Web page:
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Quantum Mechanics Explains Why You Do Dumb Things

Popular Mechanics logo Popular Mechanics 1/29/2020 Caroline Delbert
a close up of a logo: Scientists have applied a quantum machine learning idea back to the human brain to see if it explains human decision-making. © Andriy Onufriyenko - Getty Images Scientists have applied a quantum machine learning idea back to the human brain to see if it explains human decision-making.
  • Scientists have applied a quantum machine learning idea back to the human brain to see if it explains human decision-making.
  • The complexity of the brain suggests that a quantum model could fit data better than a classical model.
  • Researchers found that quantum reward learning matched the best classical reward learning models.

Could quantum theory and human psychology be the cereal-and-milk combo that explains our stupid decisions? Scientists in China are exploring a theory that the two disciplines are more related than we might think. They studied the brains of smokers and nonsmokers during a gambling task and observed decision-making mechanisms they say are acting like quantum computers.

These scientists, from the University of Science and Technology of China in the east central province of Anhui, say they’re not the first to suggest the human mind has a quantum model or framework in action. But they do believe they’re among the first to translate those theories into measured data via electroencephalography (EEG). “Only a few [studies] were supported by evidence from electroencephalography (EEG) analysis, lacking spatial resolution and locality information,” they explain.

The researchers fitted study subjects with sensors and had them go through the Iowa Gambling Task, which is a famous psychological test of how our decisions are motivated by reason or emotion. Since its original use, this experimental model has been used in hundreds more published studies and papers. In it, subjects play a card game where it’s revealed over time that one stack of cards is more likely to offer a reward than the others.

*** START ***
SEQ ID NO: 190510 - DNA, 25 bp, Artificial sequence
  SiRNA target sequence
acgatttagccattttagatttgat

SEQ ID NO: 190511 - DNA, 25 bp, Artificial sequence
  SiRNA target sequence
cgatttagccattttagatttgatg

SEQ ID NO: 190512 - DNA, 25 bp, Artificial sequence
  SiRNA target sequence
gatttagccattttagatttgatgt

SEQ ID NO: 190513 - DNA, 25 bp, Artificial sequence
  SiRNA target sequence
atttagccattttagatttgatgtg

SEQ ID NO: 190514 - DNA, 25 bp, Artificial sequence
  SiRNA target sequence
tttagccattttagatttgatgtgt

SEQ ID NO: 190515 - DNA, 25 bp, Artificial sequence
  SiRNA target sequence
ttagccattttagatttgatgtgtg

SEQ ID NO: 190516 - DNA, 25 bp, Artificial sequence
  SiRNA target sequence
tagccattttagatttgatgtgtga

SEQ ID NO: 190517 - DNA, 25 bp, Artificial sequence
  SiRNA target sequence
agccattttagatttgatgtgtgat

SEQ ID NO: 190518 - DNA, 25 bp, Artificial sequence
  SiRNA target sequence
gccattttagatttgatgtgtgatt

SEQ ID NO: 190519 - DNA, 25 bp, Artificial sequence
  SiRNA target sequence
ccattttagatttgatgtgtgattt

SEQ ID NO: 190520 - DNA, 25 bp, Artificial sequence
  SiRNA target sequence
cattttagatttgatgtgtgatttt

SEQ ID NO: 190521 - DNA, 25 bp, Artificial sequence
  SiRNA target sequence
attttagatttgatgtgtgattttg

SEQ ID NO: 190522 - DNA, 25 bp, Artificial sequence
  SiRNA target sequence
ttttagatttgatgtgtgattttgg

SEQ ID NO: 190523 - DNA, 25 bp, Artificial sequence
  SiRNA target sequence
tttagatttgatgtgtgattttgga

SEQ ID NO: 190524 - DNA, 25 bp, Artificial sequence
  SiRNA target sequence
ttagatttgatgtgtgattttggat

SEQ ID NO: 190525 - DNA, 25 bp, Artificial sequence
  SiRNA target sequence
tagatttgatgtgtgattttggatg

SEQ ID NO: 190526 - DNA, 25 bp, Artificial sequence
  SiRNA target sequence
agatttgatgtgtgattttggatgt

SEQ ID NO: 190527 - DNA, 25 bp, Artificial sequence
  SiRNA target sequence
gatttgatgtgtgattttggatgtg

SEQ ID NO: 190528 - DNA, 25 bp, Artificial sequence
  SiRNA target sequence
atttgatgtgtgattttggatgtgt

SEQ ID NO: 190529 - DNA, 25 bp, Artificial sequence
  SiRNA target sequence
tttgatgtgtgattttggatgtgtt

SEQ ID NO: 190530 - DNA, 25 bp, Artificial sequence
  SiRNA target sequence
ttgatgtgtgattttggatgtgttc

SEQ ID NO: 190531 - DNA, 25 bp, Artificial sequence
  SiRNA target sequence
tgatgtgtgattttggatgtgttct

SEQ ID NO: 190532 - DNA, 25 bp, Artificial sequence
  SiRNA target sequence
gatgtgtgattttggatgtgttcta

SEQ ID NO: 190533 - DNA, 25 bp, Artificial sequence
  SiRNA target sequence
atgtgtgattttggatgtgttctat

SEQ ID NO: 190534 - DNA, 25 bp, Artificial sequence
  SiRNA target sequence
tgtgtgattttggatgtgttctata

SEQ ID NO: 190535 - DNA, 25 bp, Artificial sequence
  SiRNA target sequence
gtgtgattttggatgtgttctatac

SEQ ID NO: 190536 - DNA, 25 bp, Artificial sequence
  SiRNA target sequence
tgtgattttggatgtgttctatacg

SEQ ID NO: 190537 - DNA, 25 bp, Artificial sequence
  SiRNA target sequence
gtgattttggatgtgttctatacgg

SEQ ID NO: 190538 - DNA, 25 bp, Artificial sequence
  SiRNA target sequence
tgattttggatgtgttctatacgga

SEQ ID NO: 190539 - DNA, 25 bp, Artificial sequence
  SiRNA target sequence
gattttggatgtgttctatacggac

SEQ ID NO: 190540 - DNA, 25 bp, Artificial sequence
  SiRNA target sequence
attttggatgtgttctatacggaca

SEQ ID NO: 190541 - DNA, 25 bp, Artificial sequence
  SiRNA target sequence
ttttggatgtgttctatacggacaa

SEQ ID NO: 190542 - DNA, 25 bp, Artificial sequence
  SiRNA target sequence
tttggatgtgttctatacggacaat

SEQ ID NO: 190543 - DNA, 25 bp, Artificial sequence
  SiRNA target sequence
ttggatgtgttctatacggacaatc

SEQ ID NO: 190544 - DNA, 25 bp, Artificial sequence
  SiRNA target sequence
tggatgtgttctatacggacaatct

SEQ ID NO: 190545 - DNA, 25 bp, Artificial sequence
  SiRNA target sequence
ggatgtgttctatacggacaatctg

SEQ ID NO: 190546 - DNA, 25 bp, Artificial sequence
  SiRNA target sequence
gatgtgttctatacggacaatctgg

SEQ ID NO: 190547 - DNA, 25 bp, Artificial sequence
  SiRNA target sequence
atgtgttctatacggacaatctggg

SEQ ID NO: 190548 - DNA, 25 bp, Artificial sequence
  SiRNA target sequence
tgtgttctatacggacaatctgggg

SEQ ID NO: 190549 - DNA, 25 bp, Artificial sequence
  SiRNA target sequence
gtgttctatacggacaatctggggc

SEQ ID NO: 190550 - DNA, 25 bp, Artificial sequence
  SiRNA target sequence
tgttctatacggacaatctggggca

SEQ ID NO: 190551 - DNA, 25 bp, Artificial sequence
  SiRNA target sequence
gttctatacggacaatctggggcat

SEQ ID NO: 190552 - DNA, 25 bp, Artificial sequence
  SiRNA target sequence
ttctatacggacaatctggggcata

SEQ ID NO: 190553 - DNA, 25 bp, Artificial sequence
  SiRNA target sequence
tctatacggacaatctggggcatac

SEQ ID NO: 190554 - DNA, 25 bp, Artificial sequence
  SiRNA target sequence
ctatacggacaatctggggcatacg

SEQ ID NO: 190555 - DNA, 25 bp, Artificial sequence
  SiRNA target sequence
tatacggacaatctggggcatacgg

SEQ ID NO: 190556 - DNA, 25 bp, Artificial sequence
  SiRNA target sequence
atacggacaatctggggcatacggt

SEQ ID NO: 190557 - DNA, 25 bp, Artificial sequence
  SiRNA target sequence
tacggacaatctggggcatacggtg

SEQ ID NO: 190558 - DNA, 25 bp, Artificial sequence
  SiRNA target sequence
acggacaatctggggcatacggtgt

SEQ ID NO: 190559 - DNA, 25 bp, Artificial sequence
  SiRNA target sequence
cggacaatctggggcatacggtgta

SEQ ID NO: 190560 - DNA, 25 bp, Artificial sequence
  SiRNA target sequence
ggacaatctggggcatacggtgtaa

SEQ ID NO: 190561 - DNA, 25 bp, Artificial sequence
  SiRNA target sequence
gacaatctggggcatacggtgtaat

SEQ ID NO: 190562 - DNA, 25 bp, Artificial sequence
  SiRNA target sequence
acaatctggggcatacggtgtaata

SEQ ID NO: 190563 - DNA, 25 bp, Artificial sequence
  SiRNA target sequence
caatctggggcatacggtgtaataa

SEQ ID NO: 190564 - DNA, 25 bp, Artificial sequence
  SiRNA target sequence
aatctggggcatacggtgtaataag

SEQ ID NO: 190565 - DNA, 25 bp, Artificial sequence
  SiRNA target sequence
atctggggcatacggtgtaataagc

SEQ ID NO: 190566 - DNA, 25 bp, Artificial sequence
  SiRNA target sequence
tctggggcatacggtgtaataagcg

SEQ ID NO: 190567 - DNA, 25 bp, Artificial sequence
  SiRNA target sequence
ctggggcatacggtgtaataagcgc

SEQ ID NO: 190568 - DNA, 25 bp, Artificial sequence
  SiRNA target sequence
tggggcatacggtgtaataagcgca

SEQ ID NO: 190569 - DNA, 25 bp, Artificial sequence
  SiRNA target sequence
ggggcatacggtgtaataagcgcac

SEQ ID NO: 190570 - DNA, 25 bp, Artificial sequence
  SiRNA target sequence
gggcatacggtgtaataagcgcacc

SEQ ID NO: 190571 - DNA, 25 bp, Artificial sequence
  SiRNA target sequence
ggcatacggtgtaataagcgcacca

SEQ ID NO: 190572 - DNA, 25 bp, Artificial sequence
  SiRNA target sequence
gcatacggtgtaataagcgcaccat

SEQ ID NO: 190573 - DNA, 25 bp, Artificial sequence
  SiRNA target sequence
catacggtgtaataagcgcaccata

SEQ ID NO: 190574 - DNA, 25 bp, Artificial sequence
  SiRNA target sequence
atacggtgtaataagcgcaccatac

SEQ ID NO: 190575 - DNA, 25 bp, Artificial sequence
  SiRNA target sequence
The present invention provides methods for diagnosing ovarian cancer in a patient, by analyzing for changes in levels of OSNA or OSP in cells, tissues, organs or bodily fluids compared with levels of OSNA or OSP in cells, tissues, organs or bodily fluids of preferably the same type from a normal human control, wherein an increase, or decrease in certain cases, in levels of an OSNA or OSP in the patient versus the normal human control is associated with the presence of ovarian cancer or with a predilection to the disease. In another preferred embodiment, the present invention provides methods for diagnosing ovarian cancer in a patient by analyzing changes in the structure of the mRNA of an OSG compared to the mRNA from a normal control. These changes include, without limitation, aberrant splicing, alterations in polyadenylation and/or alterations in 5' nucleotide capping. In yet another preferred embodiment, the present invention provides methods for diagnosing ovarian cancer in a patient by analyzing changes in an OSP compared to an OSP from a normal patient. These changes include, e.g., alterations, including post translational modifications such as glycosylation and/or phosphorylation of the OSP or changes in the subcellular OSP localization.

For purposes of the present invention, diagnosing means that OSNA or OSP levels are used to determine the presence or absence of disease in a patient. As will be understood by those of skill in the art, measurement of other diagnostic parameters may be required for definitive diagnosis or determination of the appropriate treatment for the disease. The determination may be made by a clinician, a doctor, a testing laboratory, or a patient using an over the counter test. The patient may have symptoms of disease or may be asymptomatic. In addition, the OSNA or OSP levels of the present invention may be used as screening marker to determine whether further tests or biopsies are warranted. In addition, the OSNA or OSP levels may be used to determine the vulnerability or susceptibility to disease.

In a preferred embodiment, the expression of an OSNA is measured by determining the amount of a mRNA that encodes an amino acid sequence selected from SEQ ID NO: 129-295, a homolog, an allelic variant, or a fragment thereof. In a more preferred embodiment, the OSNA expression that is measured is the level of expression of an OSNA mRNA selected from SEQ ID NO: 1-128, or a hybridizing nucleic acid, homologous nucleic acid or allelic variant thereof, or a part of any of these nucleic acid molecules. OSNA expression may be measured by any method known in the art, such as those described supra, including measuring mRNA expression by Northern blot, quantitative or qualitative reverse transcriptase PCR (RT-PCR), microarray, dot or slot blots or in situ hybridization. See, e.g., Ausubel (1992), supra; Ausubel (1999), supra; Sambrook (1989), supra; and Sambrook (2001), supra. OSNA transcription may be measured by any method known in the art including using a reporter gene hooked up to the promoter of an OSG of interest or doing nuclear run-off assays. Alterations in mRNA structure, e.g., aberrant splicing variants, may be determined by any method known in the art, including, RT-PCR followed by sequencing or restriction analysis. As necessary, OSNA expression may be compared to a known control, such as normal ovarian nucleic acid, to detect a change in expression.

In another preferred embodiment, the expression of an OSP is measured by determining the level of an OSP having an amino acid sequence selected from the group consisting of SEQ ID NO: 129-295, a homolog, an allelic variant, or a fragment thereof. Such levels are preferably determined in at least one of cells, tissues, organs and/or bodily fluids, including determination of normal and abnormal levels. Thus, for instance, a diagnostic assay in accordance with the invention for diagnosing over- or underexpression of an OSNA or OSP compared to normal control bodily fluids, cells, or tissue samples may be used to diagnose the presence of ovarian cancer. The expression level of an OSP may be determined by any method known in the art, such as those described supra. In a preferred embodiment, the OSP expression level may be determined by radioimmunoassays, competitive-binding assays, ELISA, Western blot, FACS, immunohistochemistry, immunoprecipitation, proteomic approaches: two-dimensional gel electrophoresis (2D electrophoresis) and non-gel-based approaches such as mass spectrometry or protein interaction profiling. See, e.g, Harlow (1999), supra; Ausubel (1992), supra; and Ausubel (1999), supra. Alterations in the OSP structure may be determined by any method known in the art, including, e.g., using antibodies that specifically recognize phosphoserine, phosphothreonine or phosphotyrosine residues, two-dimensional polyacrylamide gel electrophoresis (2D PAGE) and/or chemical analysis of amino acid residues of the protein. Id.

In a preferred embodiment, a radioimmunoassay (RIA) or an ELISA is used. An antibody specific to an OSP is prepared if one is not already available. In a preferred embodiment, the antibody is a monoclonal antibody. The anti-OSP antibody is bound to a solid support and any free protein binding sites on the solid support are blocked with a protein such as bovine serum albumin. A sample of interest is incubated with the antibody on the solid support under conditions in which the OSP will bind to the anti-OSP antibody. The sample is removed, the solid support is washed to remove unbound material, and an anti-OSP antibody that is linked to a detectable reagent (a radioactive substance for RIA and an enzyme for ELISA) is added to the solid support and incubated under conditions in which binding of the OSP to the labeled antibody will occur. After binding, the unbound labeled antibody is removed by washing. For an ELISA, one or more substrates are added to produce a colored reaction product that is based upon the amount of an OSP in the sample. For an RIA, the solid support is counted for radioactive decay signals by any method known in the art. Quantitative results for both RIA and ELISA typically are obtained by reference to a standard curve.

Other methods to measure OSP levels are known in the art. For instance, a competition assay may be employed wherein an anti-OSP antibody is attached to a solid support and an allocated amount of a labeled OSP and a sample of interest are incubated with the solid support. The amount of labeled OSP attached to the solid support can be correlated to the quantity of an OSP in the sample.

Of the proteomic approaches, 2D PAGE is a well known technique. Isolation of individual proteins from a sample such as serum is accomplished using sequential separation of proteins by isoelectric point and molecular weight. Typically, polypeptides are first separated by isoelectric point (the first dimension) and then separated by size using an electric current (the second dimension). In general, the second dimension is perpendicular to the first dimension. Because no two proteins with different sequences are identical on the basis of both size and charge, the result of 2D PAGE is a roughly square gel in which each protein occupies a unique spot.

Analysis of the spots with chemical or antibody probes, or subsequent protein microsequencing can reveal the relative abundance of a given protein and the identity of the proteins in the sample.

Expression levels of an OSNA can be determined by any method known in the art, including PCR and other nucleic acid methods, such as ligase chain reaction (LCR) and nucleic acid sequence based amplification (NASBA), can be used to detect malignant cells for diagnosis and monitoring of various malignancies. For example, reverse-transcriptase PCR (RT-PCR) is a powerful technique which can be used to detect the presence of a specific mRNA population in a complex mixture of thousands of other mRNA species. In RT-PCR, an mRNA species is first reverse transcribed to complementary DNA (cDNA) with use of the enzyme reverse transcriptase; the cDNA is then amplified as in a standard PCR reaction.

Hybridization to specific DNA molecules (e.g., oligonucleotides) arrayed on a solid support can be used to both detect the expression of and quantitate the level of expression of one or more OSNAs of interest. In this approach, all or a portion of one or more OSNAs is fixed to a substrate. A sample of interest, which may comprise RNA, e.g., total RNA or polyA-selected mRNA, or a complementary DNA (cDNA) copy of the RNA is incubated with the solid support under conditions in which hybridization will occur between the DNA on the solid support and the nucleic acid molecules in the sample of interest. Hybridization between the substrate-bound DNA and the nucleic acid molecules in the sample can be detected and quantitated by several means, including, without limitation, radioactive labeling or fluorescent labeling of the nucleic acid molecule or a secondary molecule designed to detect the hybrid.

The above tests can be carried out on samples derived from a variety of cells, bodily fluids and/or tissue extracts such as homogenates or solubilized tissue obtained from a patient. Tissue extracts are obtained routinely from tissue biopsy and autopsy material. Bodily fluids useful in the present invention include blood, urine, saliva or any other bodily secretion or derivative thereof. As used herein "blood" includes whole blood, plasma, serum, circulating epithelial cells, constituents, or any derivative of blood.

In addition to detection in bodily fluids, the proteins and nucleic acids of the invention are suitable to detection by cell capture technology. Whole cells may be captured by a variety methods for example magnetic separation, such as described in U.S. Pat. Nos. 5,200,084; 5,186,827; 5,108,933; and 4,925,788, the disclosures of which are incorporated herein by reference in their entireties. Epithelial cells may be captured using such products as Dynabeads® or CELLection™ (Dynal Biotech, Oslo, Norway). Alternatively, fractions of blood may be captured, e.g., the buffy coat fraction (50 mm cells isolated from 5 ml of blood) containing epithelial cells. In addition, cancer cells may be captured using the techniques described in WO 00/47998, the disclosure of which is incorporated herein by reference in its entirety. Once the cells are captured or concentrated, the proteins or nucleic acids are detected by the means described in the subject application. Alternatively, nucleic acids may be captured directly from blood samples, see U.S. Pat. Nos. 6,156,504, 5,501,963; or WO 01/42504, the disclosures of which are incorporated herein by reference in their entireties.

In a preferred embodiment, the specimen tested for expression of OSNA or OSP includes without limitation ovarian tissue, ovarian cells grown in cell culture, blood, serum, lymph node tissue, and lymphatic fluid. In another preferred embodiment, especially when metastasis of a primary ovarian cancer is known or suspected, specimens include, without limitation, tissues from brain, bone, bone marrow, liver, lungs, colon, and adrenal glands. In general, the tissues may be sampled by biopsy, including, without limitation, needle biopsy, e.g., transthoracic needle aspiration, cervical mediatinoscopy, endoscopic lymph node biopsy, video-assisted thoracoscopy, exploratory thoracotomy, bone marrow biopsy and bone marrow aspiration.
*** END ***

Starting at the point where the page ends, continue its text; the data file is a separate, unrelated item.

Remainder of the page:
a screenshot of a cell phone: A screen from the Iowa Gambling Task. © NIH A screen from the Iowa Gambling Task.

After so many experiments, the Iowa Gambling Task’s outcomes are pretty well understood for some groups, like people with otherwise healthy brains who aren’t addicted to drugs or—just guessing—gambling. But other groups are more of a challenge, and trying to make sense of their outcomes during the IGT continues to puzzle scientists. The NIH says that even among the allegedly homogeneous group of people with healthy brains, IGT outcomes are still all over the map and hard to predict from study to study.

The Chinese researchers suggest combining classical reinforcement (or reward) learning, where scientists study how people respond over time to situations with the promise of some kind of reward, could be supplanted by something called quantum reinforcement learning. “[Q]uantum reinforcement learning (QRL), which shows superior performance in computer simulations, has never been empirically tested on human decision-making,” they explain.

In other words, machine learning has had a popular QRL model for a while now, and this model began with a mimicry of human decision-making in the form of classical reinforcement learning. Now, scientists wondered if applying QRL back to the human brain could show that it’s a better model for how we make decisions.

For this study, the researchers divided people into smokers and nonsmokers, and recorded their decisions during the IGT. Then they compared the real data to results from two separate QRL models and 12 different classical reinforcement models. “In all groups, the QRL models performed well when compared with the best CRL models [...] suggesting that value-based decision-making can be illustrated by QRL at both the behavioural and neural levels,” they say.

One weakness the NIH pointed out with IGT in general is that it lacks a nuanced way to quantify sensitivity in different people, instead using a sledgehammer Boolean idea of who’s vulnerable to certain decisions or not. This research suggests that “quantum-like internal-state-related variables,” which they identified in both smokers and nonsmokers, could lead to a more granular understanding of what’s going on in the brain during this task.

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